Iconic? You’re No Rebecca Pennock Lukens

Overdone, overwrought, overemphasized and over the top, the word icon gets tossed around a lot today. Not to be confused with the G.O.A.T. (another overused title, sorry, Tom) or the King (sorry, Lebron), people confuse well-known, famous people in sports or entertainment for being iconic. The true definition of being iconic has nothing to do with how many Instagram followers you have, how many fragrances you’ve marketed or what kind of shoes you wear.  Even ten years ago, the Huffington Post had enough, calling icon “one of the world’s most overused words.” 

Here’s what the actual definition of an icon is:

An icon should have a global perspective, be widely recognized and well-established, have a brand name, and be acknowledged for excellence and worthy of respect or reverence.  

That narrows the field a bit. Off the top of my head, iconic people in the media, entertainment and public life could include the Dali Lama, Kurt Cobain, Beyonce, Oprah, Tom Brady, Lebron James and Mother Theresa. In business, we turn to names like Warren Buffett, Bill Gates, Kate Spade, Henry Ford and Steve Jobs.  But what about Rebecca Pennock Lukens? Before you search social media for her on LinkedIn, IG or Twitter account, you should know she was born in 1794 and died in 1854. Rebecca may have had Western Union telegram and pen pal followers, but she wasn’t on social. 

When you think, as a business owner, about the issues you might be dealing with right now, like family, succession, the aftermath of the pandemic, interest rate hikes, recession, etc., know that Rebecca Pennock Lukens would probably laugh at your plight. Here’s a brief history that answers the why?. 

Rebecca and her husband Charles went into deep debt to refit the ironworks they owned in central Pennsylvania, turning the property into the Brandywine Ironworks in 1818, the first in the country to make boilerplates. Not the sexiest product in the world, boilerplates were basically rolled steel used to construct boilers. It was then that Rebecca’s life turned upside down.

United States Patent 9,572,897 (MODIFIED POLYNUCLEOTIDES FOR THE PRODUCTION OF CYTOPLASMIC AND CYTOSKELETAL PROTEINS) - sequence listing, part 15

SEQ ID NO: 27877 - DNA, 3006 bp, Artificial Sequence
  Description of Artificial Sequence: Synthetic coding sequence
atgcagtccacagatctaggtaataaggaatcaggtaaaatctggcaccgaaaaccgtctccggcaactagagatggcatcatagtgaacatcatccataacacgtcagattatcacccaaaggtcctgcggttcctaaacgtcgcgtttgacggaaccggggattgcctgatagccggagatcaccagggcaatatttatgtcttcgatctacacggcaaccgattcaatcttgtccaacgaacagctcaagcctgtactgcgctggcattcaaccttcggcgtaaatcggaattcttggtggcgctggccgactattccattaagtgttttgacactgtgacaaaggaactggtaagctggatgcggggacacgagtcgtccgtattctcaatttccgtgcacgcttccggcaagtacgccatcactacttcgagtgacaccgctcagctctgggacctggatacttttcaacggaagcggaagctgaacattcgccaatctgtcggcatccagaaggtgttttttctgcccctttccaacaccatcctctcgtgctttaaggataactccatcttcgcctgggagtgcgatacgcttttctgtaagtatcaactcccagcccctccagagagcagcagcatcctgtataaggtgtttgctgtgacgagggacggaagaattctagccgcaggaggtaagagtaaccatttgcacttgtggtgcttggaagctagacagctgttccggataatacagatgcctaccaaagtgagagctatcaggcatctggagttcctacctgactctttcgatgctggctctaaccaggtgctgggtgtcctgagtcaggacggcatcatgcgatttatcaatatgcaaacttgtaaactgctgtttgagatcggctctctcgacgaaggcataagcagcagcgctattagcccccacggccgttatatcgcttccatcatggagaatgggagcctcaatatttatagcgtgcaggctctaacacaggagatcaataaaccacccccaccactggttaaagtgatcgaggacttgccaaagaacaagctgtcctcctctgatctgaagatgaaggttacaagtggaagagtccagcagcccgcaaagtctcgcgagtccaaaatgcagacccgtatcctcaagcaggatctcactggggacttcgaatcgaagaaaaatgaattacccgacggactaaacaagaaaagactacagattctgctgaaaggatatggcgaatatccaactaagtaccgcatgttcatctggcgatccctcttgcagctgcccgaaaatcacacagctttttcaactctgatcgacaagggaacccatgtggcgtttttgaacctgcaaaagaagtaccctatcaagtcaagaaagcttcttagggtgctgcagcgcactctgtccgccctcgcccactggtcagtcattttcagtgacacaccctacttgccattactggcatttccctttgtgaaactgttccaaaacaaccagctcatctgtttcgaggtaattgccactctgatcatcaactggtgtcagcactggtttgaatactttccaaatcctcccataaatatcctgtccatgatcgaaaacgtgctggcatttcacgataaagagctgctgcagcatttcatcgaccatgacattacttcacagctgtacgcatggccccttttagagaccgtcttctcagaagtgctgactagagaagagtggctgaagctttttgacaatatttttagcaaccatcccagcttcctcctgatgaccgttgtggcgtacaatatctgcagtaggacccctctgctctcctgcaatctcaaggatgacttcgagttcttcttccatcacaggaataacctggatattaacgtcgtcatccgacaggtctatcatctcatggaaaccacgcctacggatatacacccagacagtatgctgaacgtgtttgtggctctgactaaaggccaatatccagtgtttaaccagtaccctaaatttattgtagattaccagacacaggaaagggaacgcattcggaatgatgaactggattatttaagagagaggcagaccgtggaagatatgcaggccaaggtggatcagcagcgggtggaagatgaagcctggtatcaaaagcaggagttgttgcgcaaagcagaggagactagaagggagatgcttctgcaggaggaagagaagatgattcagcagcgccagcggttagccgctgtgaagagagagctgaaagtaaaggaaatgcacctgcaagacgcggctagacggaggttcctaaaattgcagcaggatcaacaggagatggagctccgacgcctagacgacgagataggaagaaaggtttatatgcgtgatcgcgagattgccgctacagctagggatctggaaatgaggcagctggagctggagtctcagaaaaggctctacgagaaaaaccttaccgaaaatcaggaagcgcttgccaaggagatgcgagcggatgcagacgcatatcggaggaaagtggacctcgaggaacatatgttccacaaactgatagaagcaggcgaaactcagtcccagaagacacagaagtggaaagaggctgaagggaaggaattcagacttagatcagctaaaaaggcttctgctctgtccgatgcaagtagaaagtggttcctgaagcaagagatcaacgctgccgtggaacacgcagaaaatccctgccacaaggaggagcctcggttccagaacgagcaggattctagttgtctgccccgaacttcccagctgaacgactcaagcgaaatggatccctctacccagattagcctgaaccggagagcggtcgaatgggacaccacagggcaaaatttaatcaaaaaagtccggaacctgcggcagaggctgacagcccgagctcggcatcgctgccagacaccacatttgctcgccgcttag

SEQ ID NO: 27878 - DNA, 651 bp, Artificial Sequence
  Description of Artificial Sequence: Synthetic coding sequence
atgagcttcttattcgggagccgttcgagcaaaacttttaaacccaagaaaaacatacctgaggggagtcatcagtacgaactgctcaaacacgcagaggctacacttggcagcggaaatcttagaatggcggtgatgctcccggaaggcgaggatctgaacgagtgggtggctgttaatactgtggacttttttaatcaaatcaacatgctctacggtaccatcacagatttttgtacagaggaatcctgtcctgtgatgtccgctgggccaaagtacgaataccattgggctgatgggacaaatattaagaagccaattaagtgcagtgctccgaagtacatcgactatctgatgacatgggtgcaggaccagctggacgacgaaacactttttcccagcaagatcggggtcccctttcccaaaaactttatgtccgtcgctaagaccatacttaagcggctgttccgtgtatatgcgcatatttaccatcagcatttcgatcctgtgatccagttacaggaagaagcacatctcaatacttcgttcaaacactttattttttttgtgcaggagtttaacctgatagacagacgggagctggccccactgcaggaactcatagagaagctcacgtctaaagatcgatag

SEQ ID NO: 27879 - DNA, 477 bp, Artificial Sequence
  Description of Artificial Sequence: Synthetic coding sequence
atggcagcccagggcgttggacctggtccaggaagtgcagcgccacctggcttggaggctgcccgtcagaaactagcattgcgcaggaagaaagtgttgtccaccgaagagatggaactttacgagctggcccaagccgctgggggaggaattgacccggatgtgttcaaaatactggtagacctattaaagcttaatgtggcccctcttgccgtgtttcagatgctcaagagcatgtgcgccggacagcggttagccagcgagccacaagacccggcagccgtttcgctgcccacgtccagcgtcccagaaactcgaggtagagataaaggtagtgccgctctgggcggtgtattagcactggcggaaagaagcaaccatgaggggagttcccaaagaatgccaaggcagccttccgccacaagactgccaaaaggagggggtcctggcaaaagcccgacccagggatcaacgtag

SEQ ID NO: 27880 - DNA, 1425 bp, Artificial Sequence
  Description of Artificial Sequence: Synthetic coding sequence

Four years after settling the debt at Brandywine, their son Isaac died in 1822, her father Isaac Pennock died in 1824, and in 1825, their son Charles died. In June 1825, Rebecca, pregnant with their sixth child, lost her husband, Charles, after a short illness (most deaths at that time were quick and unexpected). Rebecca was left with three daughters, a fourth on the way and a not-yet-solvent Brandywine Ironworks that she didn’t own because her father had died without turning the company over to her and her husband. But she promised her late husband that she wouldn’t stop. 

Rebecca, a Quaker, didn’t gain respect as a woman from her suppliers or employees and had to adjust to the pushback, refusing to back down. By the year 1834, she had survived another major flood, witnessed the arrival of the railroad, paid off all the debts and began to expand. Her husband had predicted the demand for boilerplates would continue to grow, and he was right, with Brandywine being among the first to take most of the market share. Fortune magazine called Rebecca “America’s first female CEO of an industrial company.”

Through her management, Brandywine grew despite more floods, the financial collapse of 1837, a lawsuit over water rights and the failure to get long-term tariffs to protect American products. Courtroom battles followed as her Pennock relatives sued her (don’t you just love family?) over her inheritance of Brandywine and eventually settled out of court, paying them all off. She finally became the sole owner of the property in 1846. Eight years later, Rebecca died at the age of 50. 

So now that you know about Rebecca’s story, let’s go back to the definition of an icon. 

  • Global Perspective (yes)
  • Widely Recognized (in that period – certainly)
  • Well Established – (yes)
  • Brand Name (Rebecca and Brandywine – yes)
  • Excellence (yes)
  • Worthy of Respect or Reverance (how could you not?)

So the next time you hear someone being called iconic, think about Rebecca Pennock Lukens and see if they measure up.  The next time you make excuses for a failing business model or revenue drought, name the pandemic, poor hires, bad partners, divorce, death, a lousy succession, lawsuits, the recession, inflation or even global warming as the culprit – think of Rebecca Pennock Lukens. She never made excuses. She just built an iconic history of perseverance and success.